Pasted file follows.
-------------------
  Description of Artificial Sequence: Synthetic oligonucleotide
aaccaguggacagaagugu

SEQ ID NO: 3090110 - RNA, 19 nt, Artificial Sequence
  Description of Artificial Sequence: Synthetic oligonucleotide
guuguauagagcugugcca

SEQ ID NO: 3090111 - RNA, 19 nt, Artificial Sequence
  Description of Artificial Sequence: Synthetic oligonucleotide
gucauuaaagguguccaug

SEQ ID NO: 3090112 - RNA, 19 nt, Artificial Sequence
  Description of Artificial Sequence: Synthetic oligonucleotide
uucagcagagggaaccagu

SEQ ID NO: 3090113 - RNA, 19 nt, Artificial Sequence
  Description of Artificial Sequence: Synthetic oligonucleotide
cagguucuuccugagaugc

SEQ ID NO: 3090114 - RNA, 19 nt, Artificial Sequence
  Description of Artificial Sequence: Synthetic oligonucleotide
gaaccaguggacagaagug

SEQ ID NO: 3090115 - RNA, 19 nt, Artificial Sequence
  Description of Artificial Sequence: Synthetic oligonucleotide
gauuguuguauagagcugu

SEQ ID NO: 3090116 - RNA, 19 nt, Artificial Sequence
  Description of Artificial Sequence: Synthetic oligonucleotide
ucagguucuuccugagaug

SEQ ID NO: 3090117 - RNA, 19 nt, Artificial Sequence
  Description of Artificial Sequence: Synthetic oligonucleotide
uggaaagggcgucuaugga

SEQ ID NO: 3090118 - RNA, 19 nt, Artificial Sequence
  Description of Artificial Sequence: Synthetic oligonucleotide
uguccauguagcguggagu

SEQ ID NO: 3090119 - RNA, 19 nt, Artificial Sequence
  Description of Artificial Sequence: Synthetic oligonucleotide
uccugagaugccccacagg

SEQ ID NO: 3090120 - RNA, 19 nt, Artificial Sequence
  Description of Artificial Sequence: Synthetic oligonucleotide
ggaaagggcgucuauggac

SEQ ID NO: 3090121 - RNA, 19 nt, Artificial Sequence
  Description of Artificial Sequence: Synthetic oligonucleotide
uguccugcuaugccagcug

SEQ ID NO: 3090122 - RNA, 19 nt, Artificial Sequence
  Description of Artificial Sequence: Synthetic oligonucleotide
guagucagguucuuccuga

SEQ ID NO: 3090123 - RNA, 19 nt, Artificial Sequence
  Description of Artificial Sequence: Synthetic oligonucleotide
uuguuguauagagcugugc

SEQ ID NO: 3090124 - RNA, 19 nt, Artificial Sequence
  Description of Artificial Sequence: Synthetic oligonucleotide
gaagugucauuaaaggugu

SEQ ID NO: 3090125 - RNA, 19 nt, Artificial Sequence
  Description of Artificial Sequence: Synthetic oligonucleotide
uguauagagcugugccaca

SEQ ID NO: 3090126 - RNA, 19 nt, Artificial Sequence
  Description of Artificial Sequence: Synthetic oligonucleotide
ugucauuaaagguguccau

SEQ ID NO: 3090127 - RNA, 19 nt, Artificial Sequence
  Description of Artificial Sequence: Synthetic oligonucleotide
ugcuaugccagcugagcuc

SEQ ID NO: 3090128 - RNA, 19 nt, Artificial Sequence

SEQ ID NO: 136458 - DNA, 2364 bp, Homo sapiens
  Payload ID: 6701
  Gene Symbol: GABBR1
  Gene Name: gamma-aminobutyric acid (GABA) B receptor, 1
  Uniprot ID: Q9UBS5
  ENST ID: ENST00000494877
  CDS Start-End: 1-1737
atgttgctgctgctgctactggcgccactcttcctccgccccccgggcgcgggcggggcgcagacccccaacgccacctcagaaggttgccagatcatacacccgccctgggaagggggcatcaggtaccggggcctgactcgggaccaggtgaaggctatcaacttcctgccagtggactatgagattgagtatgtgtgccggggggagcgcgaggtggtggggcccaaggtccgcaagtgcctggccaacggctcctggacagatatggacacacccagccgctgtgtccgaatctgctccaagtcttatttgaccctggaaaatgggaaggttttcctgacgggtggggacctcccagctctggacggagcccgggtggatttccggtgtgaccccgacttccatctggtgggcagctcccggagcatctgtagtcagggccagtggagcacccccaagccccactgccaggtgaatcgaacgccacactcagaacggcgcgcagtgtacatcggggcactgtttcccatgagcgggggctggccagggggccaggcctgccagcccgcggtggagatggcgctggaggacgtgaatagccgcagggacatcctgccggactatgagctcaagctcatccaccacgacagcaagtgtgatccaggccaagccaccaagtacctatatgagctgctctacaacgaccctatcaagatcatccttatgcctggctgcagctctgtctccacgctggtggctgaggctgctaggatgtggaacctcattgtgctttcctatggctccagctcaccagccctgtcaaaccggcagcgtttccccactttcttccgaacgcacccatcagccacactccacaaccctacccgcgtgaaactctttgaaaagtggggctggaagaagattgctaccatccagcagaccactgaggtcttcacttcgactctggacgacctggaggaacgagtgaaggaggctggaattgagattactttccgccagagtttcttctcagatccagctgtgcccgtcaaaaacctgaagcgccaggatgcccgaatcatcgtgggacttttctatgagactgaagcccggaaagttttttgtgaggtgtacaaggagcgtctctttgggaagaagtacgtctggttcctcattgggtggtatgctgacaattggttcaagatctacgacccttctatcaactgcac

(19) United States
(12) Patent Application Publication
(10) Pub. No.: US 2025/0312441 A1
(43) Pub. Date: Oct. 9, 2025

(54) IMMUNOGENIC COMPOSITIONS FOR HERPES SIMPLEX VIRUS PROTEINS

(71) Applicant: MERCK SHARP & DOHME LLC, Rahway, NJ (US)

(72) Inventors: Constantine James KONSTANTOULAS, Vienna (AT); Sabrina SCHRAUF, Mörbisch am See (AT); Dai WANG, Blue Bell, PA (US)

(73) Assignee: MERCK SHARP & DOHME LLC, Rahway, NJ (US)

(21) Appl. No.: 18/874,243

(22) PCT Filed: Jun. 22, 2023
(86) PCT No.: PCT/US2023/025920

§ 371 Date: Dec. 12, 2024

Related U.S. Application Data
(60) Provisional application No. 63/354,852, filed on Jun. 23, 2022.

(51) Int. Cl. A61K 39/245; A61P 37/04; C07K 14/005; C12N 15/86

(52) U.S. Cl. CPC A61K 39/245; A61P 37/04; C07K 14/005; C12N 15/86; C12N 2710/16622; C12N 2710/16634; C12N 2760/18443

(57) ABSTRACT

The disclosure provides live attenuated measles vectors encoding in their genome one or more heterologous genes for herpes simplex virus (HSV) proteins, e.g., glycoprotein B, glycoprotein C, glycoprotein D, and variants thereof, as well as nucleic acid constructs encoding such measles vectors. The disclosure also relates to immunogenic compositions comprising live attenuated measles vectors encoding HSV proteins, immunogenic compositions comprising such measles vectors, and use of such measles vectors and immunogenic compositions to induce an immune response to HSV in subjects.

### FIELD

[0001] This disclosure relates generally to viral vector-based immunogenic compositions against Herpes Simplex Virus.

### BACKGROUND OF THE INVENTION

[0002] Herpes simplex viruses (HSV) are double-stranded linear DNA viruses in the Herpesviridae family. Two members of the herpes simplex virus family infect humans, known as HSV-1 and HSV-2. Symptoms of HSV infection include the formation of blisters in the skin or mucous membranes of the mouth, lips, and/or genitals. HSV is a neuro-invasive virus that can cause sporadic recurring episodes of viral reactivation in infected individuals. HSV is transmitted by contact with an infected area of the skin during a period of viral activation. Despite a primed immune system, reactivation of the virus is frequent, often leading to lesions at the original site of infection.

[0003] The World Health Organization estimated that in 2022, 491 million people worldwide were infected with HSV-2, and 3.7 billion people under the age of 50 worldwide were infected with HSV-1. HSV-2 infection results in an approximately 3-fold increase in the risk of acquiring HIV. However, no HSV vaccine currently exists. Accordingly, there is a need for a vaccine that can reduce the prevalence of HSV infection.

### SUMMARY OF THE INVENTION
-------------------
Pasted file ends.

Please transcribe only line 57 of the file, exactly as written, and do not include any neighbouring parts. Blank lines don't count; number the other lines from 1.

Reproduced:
SEQ ID NO: 3090128 - RNA, 19 nt, Artificial Sequence